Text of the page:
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Article of the week: Use of 68Ga-PSMA/PET for detecting lymph node metastases in primary and recurrent PCa and location of recurrence after radical prostatectomy: an overview of the current literature




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Every week, the Editor-in-Chief selects an Article of the Week from the current issue of BJUI. The abstract is reproduced below and you can click on the button to read the full article, which is freely available to all readers for at least 30 days from the time of this post.

If you only have time to read one article this week, we recommend this one. 

Use of gallium‐68 prostate‐specific membrane antigen positron‐emission tomography for detecting lymph node metastases in primary and recurrent prostate cancer and location of recurrence after radical prostatectomy: an overview of the current literature

Henk B. Luiting*, Pim J. van Leeuwen, Martijn B. Busstra*, Tessa Brabander, Henk G. van der Poel, Maarten L. Donswijk§, André N. Vis, Louise Emmett**††, Phillip D. Stricker‡‡§§¶¶ and Monique J. Roobol*

*Department of Urology, Erasmus University Medical Centre, Rotterdam, Department of Urology, Netherlands Cancer Institute, Amsterdam, Department of Radiology and Nuclear Medicine, Erasmus University Medical Centre, Rotterdam, §Department of Nuclear Medicine, Netherlands Cancer Institute, Department of Urology, Amsterdam UMC, Location VUmc, Amsterdam, The Netherlands, **Department of Nuclear Medicine, St Vincent’s Hospital, ††University of New South Wales, Sydney, ‡‡St. Vincent’s Prostate Cancer Centre, §§Garvan Institute of Medical Research, Kinghorn Cancer Centre, Darlinghurst and ¶¶St Vincent’s Clinical School, UNSW, Sydney, NSW, Australia

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Abstract

Objectives

To review the literature to determine the sensitivity and specificity of gallium‐68 prostate‐specific membrane antigen (68Ga‐PSMA) positron‐emission tomography (PET) for detecting pelvic lymph node metastases in patients with primary prostate cancer (PCa), and the positive predictive value in patients with biochemical recurrence (BCR) after initial curative treatment, and, in addition, to determine the detection rate and management impact of 68Ga‐PSMA PET in patients with BCR after radical prostatectomy (RP).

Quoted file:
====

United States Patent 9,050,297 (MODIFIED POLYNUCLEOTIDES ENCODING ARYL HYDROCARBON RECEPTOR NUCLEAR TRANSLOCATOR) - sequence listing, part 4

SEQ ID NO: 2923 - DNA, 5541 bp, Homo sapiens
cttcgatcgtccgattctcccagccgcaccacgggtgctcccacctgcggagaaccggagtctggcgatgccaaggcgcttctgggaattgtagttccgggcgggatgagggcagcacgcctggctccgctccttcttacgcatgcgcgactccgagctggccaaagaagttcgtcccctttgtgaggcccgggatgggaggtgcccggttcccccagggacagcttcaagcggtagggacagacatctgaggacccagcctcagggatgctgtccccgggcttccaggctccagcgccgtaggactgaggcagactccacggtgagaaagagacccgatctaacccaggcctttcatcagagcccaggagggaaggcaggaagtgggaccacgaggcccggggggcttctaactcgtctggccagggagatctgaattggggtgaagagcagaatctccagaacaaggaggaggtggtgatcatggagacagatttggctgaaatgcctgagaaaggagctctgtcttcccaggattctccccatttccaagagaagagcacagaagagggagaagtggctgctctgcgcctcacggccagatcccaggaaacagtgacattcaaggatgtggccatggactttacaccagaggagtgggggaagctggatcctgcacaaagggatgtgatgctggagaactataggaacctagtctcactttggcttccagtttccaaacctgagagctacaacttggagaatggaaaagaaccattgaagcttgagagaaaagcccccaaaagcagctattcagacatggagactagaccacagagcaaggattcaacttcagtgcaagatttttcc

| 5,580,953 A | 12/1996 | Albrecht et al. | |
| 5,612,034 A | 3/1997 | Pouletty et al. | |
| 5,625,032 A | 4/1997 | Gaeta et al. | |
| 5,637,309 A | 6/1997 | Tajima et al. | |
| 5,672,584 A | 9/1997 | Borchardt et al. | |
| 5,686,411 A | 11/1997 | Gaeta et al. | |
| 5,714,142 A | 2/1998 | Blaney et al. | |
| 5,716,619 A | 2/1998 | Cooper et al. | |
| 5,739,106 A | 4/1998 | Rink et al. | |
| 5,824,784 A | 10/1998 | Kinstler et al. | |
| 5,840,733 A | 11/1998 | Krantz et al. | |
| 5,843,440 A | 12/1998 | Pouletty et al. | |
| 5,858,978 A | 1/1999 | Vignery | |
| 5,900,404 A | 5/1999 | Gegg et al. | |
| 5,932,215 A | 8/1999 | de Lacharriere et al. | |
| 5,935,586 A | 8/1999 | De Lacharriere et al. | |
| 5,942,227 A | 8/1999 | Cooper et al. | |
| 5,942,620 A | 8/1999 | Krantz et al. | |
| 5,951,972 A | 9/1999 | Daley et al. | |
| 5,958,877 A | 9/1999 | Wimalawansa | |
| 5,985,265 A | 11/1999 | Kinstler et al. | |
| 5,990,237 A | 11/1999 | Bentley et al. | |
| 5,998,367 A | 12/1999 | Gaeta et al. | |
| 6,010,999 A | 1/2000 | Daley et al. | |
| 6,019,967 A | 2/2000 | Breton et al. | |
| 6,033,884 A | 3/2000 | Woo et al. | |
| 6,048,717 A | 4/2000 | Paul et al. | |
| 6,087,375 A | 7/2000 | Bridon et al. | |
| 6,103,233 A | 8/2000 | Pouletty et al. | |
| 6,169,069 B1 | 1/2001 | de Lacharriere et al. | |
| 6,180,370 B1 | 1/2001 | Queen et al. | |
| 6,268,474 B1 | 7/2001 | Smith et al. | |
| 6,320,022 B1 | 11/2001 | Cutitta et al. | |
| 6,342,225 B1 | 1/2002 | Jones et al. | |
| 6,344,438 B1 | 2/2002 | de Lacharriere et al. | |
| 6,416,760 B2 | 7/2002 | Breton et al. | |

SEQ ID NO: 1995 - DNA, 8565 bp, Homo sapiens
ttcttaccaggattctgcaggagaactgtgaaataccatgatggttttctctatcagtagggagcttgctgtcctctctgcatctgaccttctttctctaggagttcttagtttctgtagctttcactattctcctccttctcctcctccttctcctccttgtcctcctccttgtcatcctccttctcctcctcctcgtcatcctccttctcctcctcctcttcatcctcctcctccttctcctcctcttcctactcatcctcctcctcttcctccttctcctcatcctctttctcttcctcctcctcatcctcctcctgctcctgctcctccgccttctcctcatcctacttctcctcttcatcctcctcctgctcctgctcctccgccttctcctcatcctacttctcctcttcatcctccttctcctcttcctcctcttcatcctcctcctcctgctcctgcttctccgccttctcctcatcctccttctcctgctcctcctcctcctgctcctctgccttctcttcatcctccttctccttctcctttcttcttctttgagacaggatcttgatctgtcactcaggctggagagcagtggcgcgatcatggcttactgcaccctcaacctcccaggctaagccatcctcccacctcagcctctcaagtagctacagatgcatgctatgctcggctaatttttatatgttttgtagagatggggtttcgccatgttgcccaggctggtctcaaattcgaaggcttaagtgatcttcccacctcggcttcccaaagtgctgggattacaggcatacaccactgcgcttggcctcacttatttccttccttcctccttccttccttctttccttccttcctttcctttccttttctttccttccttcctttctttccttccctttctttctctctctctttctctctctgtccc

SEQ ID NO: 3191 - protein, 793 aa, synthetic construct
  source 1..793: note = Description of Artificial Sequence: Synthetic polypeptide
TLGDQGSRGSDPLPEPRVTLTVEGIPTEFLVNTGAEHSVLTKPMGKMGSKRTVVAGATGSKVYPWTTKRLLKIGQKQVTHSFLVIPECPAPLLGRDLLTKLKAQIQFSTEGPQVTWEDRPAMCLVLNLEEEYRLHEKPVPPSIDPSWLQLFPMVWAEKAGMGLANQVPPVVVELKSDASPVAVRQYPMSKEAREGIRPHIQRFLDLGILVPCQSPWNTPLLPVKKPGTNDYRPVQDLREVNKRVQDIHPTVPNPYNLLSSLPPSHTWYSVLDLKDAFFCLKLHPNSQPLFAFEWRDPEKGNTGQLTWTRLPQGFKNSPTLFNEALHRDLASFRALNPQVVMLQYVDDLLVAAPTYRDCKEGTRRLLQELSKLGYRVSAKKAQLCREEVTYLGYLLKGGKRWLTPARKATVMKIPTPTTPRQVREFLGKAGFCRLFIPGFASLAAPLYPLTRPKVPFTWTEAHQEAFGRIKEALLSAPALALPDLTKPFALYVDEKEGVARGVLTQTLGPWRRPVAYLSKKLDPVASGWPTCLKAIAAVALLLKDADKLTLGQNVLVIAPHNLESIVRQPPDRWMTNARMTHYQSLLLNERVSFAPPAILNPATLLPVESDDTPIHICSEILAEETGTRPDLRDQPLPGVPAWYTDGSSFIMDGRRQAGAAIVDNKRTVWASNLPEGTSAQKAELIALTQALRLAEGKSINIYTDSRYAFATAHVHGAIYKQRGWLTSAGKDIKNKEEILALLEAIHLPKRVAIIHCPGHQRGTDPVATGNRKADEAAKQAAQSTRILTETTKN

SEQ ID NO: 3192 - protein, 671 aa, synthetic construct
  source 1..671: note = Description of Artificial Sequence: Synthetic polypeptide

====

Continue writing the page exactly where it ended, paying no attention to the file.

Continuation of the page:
Materials and Methods

We performed a comprehensive literature search. Search terms used in MEDLINE, EMBASE and Science Direct were ‘(PSMA, 68Ga‐PSMA, 68Gallium‐PSMA, Ga‐68‐PSMA or prostate‐specific membrane antigen)’ and ‘(histology, lymph node, staging, sensitivity, specificity, positive predictive value, recurrence, recurrent or detection)’. Relevant abstracts were reviewed and full‐text articles obtained where possible. References to and from obtained articles were searched to identify further relevant articles.

Fig. 1. Axial and sagittal plane gallium‐68 prostate‐specific membrane antigen positron‐emission tomography /CT images of two patients with locoregional lymph node recurrence after initial curative treatment. The metastasis in patient A is located in the obturator area and the metastasis in patient B is located in the presacral area.

Results

Nine retrospective and two prospective studies described the sensitivity and specificity of 68Ga‐PSMA PET for detecting pelvic lymph node metastases before initial treatment, which ranged from 33.3% to 100% and 80% to 100%, respectively. In eight retrospective studies, the positive predictive value of 68Ga‐PSMA PET in patients with BCR before salvage lymph node dissection ranged from 70% to 100%. The detection rate of 68Ga‐PSMA PET in patients with BCR after RP in the PSA subgroups <0.2 ng/mL, 0.2–0.49 ng/mL and 0.5 to <1.0 ng/mL ranged from 11.3% to 50.0%, 20.0% to 72.7% and 25.0% to 87.5%, respectively.

Conclusion

The review results showed that 68Ga‐PSMA PET had a high specificity for the detection of pelvic lymph node metastases in primary PCa. Furthermore, 68Ga‐PSMA PET had a very high positive predictive value in detecting lymph node metastases in patients with BCR. By contrast, sensitivity was only moderate; therefore, based on the currently available literature, 68Ga‐PSMA PET cannot yet replace pelvic lymph node dissection to exclude lymph node metastases. In the salvage phase, 68Ga‐PSMA PET had both a high detection rate and impact on radiotherapy planning in early BCR after RP.

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